The Large Synoptic Survey Telescope is designed to provide an unprecedented optical imaging dataset that will support investigations of our Solar System, Galaxy and Universe, across half the sky and over ten years of repeated observation. However, exactly how the LSST observations will be taken (the observing strategy or “cadence”) is not yet finalized. In this dynamically-evolving community white paper, we explore how the detailed performance of the anticipated science investigations is expected to depend on small changes to the LSST observing strategy. Using realistic simulations of the LSST schedule and observation properties, we design and compute diagnostic metrics and Figures of Merit that provide quantitative evaluations of different observing strategies, analyzing their impact on a wide range of proposed science projects. This is work in progress: we are using this white paper to communicate to each other the relative merits of the observing strategy choices that could be made, in an effort to maximize the scientific value of the survey. The investigation of some science cases leads to suggestions for new strategies that could be simulated and potentially adopted. Notably, we find motivation for exploring departures from a spatially uniform annual tiling of the sky: focusing instead on different parts of the survey area in different years in a “rolling cadence” is likely to have significant benefits for a number of time domain and moving object astronomy projects. The communal assembly of a suite of quantified and homogeneously coded metrics is the vital first step towards an automated, systematic, science-based assessment of any given cadence simulation, that will enable the scheduling of the LSST to be as well-informed as possible.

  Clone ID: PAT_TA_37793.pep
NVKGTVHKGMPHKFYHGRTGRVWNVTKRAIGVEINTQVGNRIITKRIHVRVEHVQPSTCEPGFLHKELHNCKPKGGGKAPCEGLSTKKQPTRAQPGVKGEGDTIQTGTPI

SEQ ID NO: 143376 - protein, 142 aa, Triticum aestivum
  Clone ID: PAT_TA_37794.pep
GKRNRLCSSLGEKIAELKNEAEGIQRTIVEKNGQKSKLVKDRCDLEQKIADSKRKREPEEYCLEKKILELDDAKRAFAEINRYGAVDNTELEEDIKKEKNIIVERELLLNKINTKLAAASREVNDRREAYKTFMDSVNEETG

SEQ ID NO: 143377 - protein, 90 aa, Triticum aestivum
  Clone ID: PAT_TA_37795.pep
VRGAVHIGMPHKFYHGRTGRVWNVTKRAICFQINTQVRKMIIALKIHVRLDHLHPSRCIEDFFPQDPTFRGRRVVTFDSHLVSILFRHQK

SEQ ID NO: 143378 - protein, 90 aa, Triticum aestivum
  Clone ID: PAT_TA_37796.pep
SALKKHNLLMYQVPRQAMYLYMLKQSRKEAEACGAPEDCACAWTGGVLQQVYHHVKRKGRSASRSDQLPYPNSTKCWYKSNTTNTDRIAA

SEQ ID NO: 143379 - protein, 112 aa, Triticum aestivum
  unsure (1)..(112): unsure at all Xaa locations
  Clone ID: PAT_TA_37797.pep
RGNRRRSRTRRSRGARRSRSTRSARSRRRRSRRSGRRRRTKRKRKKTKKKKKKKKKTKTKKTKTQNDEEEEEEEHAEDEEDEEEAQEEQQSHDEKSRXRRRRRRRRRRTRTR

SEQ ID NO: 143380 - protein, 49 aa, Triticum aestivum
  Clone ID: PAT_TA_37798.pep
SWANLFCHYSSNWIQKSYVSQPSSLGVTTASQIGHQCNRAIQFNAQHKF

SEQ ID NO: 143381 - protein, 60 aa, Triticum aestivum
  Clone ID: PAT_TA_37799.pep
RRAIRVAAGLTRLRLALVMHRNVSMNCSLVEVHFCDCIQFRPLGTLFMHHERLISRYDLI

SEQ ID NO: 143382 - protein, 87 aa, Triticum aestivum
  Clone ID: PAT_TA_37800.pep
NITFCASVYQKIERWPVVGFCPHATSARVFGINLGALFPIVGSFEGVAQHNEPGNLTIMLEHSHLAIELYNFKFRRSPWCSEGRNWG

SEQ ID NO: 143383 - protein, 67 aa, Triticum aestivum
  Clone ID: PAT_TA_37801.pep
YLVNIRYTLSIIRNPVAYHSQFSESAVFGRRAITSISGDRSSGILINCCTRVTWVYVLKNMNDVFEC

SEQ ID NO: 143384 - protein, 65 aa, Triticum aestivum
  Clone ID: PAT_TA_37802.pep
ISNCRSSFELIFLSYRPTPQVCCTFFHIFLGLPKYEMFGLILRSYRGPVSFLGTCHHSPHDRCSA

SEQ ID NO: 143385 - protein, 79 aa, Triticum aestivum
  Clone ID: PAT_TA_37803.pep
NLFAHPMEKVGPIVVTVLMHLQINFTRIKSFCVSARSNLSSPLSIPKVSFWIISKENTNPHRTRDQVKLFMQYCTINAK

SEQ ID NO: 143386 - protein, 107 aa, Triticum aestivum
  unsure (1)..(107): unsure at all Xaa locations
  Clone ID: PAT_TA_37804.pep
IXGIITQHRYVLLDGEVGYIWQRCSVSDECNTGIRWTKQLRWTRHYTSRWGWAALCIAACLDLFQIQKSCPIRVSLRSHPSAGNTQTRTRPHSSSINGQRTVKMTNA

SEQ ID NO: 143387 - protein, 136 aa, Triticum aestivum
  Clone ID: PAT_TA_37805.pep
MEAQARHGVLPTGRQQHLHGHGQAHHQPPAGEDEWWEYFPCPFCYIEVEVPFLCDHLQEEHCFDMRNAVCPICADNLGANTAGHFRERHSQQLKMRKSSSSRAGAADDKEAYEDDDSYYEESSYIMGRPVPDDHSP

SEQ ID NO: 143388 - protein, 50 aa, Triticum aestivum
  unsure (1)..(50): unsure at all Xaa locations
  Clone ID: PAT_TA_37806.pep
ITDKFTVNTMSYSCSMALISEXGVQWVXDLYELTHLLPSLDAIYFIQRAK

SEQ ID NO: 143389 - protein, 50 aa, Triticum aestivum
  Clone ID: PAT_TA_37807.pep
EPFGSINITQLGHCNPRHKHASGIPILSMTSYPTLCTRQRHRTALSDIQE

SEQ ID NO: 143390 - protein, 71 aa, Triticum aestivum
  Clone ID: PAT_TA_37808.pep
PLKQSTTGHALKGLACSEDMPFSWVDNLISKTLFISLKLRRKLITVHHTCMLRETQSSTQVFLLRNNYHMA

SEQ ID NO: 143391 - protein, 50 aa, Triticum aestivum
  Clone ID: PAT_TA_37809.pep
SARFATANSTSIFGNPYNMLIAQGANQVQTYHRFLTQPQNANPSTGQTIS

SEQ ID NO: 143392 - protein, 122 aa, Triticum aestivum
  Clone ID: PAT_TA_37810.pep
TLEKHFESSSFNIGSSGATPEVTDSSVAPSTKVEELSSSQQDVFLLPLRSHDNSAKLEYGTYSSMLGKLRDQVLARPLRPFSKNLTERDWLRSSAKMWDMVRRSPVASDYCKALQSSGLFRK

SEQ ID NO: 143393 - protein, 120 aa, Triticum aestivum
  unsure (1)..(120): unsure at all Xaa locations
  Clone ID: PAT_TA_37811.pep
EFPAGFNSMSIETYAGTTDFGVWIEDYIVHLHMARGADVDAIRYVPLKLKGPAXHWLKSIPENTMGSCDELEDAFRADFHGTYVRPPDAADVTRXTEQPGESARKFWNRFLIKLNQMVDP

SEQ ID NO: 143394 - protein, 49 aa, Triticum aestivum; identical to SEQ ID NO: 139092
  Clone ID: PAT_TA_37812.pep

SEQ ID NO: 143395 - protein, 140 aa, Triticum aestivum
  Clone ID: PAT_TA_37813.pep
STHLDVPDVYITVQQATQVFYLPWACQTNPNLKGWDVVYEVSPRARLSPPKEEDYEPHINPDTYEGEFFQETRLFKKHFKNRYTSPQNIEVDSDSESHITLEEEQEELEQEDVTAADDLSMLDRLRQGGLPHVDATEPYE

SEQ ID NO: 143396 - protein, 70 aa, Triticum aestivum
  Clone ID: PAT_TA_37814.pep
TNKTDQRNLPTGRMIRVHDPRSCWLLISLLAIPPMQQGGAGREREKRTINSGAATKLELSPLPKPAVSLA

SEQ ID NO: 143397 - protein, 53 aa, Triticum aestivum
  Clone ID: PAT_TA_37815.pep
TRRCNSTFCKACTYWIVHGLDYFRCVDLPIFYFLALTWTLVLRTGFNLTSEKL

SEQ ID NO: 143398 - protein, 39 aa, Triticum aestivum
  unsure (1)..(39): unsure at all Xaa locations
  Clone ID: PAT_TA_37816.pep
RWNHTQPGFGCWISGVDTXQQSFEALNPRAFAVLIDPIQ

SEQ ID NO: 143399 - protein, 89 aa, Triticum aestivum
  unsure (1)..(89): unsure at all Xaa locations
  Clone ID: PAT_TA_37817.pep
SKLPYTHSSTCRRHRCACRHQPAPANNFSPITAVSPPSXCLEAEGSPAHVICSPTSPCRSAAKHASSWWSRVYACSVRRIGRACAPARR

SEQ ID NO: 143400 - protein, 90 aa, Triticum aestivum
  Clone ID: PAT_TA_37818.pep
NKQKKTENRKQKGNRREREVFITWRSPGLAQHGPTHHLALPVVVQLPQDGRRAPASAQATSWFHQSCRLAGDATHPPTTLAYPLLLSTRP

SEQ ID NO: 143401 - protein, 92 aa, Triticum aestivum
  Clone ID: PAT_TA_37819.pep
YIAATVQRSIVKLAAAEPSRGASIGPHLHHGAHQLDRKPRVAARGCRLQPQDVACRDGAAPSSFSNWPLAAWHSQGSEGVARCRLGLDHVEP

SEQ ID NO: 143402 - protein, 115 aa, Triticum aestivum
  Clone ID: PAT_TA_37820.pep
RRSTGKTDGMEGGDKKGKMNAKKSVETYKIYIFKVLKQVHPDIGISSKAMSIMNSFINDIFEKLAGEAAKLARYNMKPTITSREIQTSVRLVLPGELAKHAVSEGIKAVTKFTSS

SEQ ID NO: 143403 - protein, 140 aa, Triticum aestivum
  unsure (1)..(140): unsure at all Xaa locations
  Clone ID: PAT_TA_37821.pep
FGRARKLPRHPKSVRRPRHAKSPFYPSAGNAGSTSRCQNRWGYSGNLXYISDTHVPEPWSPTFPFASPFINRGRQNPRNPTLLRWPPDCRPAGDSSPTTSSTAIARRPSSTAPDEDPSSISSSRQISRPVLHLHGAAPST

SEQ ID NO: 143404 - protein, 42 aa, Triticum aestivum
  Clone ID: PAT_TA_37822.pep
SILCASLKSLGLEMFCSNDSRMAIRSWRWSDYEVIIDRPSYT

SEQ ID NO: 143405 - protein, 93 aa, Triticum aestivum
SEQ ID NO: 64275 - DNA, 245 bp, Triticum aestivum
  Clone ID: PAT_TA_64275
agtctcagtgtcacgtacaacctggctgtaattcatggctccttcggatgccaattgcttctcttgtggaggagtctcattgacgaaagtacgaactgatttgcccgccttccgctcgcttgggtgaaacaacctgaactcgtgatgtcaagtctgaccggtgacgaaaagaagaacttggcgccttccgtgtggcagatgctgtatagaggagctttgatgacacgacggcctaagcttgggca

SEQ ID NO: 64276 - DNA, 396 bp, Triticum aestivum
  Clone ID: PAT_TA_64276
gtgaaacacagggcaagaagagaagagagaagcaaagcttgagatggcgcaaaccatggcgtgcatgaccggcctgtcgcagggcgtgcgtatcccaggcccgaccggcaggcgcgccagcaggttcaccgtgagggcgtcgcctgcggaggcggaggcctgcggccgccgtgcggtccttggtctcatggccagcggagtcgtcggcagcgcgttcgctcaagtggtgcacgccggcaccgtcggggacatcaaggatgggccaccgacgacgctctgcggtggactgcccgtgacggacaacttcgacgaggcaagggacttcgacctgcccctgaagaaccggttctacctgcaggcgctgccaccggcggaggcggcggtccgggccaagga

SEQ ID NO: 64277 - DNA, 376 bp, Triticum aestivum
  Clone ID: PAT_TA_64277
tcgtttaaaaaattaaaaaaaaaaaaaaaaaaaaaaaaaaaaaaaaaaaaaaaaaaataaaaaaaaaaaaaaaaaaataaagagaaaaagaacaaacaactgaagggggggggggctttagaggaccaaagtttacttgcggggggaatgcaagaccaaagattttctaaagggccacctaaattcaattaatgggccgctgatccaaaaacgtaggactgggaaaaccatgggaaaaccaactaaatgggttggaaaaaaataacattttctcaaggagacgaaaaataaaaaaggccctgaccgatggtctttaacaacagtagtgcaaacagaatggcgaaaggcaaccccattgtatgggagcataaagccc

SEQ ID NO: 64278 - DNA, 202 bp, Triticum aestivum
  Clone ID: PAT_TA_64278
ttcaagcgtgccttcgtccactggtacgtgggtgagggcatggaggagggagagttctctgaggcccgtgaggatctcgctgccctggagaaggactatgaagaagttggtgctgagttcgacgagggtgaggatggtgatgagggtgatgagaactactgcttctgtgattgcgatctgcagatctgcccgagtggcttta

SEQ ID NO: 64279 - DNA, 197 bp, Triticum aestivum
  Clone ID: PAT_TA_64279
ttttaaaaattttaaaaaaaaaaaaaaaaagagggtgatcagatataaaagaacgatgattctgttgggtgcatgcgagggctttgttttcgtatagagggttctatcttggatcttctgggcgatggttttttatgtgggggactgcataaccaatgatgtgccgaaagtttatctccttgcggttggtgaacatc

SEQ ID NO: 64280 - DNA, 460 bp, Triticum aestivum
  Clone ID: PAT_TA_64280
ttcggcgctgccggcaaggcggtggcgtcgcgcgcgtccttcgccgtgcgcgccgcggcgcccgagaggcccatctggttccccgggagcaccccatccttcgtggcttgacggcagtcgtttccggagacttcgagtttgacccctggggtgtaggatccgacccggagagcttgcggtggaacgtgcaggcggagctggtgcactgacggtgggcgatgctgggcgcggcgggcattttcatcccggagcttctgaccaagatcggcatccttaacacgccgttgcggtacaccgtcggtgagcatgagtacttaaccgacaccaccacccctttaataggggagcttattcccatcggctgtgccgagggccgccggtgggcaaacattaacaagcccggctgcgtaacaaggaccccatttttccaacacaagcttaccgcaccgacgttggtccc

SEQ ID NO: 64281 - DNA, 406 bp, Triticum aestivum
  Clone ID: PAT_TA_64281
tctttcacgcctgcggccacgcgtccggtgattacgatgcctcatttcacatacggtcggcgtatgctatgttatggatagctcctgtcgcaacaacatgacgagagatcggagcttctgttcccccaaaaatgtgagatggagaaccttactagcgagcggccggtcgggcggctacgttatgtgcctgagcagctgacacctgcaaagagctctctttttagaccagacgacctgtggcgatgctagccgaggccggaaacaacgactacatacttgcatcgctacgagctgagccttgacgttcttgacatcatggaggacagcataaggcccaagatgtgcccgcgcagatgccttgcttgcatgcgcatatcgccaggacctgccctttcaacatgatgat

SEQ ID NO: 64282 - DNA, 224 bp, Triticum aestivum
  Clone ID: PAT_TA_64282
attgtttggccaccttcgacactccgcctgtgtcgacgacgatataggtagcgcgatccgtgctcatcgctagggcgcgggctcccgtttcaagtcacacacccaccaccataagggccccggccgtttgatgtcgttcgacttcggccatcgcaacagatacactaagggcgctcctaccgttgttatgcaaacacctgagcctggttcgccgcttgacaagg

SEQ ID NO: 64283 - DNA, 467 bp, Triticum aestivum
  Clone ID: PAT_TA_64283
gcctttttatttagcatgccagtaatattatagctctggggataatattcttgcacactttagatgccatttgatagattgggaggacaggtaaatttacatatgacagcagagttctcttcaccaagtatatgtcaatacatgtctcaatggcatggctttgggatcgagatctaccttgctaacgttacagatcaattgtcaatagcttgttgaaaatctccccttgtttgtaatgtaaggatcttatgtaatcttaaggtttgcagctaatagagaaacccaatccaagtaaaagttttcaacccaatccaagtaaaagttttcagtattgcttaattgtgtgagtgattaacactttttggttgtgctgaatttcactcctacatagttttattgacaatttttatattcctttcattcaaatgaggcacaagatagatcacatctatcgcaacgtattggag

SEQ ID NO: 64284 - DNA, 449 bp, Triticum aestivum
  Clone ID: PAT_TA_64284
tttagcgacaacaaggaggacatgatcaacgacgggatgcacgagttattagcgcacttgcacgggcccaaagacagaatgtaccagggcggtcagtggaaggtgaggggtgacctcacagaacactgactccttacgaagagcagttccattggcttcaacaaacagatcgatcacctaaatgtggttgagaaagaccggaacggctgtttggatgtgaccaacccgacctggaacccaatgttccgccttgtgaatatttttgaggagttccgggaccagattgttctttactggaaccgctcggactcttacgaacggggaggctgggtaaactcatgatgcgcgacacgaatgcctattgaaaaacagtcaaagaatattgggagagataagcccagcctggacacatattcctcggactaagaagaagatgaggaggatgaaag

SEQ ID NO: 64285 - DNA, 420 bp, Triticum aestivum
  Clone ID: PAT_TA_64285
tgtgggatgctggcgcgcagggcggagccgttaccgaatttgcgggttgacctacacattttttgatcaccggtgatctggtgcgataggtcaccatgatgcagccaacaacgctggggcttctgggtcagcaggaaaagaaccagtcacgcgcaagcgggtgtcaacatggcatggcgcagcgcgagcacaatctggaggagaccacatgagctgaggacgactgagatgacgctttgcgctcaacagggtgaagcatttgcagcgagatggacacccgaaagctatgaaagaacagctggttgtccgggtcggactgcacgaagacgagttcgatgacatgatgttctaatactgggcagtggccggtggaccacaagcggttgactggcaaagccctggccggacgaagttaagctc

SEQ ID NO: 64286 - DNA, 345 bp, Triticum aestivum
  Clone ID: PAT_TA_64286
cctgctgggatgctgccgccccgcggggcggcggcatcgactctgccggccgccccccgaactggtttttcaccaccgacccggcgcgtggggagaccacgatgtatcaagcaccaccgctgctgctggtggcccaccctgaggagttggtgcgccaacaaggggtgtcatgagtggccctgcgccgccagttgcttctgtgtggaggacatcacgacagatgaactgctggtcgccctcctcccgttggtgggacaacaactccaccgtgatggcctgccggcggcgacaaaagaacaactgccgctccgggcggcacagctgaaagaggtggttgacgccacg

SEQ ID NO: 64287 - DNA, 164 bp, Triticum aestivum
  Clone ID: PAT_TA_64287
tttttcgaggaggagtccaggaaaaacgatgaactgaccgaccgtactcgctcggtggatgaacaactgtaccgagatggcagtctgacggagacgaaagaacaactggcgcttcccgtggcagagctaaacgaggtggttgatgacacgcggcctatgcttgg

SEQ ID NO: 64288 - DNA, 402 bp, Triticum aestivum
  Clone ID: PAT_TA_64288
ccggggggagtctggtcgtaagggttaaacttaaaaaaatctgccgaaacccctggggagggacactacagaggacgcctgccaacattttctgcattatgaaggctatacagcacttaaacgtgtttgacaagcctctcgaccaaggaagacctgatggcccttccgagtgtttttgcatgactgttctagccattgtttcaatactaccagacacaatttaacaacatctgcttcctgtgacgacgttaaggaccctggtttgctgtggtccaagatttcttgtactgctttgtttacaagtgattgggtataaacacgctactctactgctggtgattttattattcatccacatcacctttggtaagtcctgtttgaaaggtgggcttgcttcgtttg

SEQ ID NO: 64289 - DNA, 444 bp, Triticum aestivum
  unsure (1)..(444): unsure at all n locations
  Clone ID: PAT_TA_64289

|Original language||English (US)|
|State||Published - Aug 14 2017|
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